TURKEY: Education should facilitate, not undermine, freedom of religion or belief
Many in Turkey see an urgent need to reform primary and secondary school education to facilitate freedom of religion or belief. This is because, Forum 18 News Service notes, aspects of the school system play a role in fuelling a type of nationalism behind intolerant attitudes, violent attacks and possibly even murders experienced by vulnerable groups. Key problems identified by members of various religious communities and atheists include compulsory Religious Culture and Knowledge of Ethics (RCKE) school classes, strict limits on exemption from such classes, discrimination against those seeking exemption, and misleading information in textbooks on the History of Turkish Republican Reforms and Atatürkism. An overdue first step would be to implement an October 2007 European Court of Human Rights judgment to legally enable all parents to exempt their children from RCKE classes. Implementing respect for everyone's freedom of religion or belief in school education will contribute to Turkey flourishing as a truly pluralistic democratic society.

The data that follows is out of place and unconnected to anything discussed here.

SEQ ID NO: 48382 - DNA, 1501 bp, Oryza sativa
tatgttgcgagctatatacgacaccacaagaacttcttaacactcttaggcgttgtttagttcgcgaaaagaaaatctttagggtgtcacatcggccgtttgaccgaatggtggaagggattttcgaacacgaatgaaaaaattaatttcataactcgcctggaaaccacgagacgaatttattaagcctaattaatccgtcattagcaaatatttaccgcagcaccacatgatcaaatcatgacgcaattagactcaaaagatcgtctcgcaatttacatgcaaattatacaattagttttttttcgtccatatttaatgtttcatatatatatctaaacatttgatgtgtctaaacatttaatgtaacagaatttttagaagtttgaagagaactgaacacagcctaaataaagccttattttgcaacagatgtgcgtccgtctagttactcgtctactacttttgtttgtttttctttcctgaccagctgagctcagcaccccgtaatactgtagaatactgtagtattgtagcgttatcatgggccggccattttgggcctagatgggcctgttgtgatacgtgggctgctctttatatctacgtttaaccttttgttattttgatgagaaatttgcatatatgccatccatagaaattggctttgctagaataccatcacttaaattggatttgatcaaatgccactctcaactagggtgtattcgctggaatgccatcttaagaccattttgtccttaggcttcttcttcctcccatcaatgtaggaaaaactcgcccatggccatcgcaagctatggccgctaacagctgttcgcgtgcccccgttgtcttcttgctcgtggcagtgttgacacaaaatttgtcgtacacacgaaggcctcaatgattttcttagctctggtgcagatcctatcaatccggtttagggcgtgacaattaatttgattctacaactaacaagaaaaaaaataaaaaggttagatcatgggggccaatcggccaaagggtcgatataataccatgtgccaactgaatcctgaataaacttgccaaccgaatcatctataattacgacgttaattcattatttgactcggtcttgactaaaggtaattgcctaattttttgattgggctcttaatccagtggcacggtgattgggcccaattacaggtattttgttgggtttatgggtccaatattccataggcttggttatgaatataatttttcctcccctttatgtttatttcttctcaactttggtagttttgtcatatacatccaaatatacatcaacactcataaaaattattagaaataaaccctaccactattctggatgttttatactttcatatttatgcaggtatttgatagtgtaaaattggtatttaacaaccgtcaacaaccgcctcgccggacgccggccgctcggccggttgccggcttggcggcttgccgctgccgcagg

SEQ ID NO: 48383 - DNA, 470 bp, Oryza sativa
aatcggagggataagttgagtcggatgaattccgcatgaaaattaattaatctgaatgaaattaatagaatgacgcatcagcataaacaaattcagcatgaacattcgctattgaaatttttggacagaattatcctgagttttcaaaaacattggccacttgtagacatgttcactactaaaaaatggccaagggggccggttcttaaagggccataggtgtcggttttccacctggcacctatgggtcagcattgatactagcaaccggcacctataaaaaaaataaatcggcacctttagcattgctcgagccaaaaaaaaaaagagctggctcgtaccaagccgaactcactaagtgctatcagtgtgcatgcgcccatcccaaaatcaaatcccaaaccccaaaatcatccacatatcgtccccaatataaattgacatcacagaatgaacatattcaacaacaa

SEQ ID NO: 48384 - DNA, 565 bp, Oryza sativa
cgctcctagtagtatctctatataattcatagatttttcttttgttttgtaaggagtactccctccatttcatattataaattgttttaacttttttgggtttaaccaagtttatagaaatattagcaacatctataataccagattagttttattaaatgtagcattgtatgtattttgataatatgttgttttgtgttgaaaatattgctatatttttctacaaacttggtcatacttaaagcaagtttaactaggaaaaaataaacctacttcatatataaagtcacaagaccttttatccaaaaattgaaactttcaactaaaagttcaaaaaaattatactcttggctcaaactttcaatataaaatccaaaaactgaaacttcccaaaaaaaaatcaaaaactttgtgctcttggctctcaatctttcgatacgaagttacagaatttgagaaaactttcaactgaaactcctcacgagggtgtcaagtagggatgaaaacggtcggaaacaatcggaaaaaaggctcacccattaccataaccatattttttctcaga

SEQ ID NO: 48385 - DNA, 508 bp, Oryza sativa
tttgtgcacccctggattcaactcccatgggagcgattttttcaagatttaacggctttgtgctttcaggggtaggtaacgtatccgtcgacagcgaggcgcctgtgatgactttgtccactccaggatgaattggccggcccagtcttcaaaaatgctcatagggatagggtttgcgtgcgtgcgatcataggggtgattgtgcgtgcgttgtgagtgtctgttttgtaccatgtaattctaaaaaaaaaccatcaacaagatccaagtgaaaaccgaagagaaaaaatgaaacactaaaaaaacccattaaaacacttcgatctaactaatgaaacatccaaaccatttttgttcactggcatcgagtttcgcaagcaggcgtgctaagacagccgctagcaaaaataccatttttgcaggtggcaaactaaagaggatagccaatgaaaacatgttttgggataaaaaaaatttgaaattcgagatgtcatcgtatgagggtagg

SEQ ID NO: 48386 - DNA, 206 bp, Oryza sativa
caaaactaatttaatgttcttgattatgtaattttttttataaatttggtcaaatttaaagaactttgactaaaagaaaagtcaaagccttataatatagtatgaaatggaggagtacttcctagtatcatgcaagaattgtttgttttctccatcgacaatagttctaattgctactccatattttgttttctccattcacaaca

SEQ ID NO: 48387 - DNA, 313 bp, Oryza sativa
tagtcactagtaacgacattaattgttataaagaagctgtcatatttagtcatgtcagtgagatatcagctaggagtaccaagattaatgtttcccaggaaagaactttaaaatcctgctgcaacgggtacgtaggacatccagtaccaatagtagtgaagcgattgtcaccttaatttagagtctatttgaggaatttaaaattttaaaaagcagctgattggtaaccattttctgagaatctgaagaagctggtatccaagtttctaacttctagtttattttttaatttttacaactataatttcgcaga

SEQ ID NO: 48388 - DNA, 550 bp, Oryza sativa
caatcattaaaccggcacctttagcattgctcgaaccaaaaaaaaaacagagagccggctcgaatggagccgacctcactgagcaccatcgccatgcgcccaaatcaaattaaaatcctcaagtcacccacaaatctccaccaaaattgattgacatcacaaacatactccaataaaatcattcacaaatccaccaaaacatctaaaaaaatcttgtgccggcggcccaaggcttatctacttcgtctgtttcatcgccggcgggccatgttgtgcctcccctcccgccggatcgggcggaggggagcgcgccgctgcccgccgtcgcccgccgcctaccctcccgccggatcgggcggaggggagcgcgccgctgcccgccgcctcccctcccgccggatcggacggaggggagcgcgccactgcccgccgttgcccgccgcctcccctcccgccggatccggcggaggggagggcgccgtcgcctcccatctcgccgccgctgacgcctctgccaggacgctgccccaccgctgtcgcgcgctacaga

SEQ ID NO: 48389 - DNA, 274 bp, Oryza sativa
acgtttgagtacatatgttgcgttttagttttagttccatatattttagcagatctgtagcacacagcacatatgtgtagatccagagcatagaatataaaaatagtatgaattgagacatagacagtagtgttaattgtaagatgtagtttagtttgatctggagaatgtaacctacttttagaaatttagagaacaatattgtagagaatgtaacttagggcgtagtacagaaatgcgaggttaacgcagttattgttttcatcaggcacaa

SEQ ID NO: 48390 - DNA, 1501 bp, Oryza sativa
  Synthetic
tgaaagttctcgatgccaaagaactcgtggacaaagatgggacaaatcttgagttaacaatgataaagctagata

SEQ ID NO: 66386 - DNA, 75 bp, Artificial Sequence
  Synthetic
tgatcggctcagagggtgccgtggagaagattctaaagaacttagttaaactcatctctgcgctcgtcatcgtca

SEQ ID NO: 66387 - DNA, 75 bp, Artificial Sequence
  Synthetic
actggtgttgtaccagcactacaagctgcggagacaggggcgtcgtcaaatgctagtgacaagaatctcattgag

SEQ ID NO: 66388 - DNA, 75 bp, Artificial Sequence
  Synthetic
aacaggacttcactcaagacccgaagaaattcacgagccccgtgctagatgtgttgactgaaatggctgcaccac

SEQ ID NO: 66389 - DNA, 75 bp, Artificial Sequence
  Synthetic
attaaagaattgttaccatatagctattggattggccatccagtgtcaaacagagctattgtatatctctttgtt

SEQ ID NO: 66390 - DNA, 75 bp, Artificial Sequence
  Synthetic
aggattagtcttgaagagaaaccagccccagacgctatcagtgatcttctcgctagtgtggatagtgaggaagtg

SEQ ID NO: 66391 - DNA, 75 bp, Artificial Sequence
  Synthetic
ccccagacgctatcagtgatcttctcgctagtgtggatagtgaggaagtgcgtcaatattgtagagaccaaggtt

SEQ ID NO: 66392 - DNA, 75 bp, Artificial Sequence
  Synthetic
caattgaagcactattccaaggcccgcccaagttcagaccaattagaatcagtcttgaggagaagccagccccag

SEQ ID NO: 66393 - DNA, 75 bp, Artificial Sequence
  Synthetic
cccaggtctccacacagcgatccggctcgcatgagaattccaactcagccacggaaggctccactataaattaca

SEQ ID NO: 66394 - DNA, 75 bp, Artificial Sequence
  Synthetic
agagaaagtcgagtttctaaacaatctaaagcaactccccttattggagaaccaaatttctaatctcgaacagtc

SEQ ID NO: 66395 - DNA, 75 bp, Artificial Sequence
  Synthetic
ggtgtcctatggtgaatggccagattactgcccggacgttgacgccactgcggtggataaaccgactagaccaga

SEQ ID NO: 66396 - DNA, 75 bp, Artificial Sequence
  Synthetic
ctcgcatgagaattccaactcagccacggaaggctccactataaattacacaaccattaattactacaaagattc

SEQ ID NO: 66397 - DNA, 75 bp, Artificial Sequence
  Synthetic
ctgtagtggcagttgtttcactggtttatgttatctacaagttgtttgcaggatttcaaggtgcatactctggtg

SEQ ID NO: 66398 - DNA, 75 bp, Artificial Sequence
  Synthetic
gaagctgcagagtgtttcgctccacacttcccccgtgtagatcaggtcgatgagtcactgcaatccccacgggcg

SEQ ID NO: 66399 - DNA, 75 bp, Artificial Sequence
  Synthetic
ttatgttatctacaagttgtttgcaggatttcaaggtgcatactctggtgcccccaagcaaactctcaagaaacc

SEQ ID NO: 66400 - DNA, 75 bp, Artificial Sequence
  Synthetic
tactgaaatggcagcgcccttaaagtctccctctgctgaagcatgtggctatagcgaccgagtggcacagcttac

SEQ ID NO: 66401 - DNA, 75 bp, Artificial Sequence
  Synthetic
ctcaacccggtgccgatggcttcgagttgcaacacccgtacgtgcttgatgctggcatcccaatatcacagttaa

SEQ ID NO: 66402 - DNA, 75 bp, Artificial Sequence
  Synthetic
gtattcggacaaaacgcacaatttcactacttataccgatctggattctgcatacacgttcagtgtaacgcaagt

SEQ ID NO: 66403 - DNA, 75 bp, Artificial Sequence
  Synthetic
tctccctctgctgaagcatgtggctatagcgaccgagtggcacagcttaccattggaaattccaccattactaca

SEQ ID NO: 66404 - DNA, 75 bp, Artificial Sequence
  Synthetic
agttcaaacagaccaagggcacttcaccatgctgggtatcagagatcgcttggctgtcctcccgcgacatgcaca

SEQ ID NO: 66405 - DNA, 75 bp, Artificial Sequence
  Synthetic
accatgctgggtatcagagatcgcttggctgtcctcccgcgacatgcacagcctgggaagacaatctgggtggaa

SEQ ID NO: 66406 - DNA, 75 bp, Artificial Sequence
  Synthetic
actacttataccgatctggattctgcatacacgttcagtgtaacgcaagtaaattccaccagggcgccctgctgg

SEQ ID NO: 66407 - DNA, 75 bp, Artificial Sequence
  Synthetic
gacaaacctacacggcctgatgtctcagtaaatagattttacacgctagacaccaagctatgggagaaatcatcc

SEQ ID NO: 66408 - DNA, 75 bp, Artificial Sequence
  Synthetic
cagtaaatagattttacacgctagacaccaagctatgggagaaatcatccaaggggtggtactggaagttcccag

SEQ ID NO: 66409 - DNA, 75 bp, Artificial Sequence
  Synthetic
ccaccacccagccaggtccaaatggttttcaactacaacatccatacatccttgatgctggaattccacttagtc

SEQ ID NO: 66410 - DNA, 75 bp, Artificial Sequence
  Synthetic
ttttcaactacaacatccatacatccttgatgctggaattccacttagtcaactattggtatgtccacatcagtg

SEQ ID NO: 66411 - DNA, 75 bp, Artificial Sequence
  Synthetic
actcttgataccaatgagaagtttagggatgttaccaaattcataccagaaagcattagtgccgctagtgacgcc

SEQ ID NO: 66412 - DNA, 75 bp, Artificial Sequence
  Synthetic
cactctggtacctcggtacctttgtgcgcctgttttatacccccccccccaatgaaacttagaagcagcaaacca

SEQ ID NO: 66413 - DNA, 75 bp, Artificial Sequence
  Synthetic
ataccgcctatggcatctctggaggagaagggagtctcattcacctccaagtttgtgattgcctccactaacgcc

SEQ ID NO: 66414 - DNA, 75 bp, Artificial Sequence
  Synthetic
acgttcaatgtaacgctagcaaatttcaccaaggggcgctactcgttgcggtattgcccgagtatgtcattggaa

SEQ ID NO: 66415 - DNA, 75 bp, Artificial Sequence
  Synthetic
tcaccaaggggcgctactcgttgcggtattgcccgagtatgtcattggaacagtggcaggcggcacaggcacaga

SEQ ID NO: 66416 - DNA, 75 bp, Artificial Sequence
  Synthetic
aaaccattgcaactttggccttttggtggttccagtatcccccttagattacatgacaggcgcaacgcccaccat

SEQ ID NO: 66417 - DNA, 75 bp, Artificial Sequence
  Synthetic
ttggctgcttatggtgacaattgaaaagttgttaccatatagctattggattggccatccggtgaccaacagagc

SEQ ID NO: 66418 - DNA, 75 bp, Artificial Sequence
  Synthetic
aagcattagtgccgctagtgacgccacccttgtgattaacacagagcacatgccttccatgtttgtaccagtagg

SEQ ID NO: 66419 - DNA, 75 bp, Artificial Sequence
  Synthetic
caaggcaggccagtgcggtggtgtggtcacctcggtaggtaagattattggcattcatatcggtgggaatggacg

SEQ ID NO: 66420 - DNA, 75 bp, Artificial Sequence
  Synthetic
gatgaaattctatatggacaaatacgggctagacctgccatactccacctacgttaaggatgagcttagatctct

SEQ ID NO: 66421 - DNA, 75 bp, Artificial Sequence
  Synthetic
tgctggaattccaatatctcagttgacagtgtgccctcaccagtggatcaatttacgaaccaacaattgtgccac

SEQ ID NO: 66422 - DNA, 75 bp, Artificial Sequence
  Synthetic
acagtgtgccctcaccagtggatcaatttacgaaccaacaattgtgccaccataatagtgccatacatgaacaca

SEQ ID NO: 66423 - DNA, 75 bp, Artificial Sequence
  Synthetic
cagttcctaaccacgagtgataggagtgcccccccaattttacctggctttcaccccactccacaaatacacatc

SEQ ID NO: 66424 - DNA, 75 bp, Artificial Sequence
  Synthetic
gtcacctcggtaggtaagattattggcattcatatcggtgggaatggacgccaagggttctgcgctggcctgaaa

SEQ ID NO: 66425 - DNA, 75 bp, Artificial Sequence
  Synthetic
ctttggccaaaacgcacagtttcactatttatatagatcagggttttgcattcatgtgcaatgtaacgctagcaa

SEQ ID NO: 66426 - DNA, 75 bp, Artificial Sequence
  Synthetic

Many in Turkey – from both religious and secular backgrounds – consider that this is an urgent problem, as these aspects of the school system play a role in fuelling intolerance and a type of nationalism behind violent attacks and possibly even murders experienced by vulnerable groups (see the F18News religious freedom survey at http://www.forum18.org/Archive.php?article_id=1379).
Compulsory classes, limited exemptions
Religious Culture and Knowledge of Ethics classes, for between one and two hours a week, are compulsory in all primary and secondary schools. Lessons are heavily based on the Sunni branch of Islam, and the textbooks are prepared and published by the Education Ministry. The state must provide some classes in this subject – although not necessarily in the current form - as Article 24 ("Freedom of religion and conscience") of the 1982 Constitution states that: "Education and instruction in religion and ethics shall be conducted under state supervision and control. Instruction in religious culture and moral education shall be compulsory in the curricula of primary and secondary schools."
However a 1991 circular from the Education Ministry granted the right to exemption to Jewish and Christian children whose parents are registered as belonging to these faiths in the Public Registry and on Identity Cards. (Schools for foreign children are also exempt from the classes.) Greek Orthodox, Armenian Apostolic and Jewish schools must hold Religious Culture and Knowledge of Ethics (RCKE) classes but - because of these communities' rights under the 1923 Lausanne Treaty – such classes are based on Christianity and Judaism respectively.
(Compulsory recording of individuals' religious affiliation, and the associated violations of freedom of religion or belief, has been a subject of an as yet unimplemented European Court of Human Rights (ECtHR) judgment – see F18News 8 October 2010 http://www.forum18.org/Archive.php?article_id=1496.)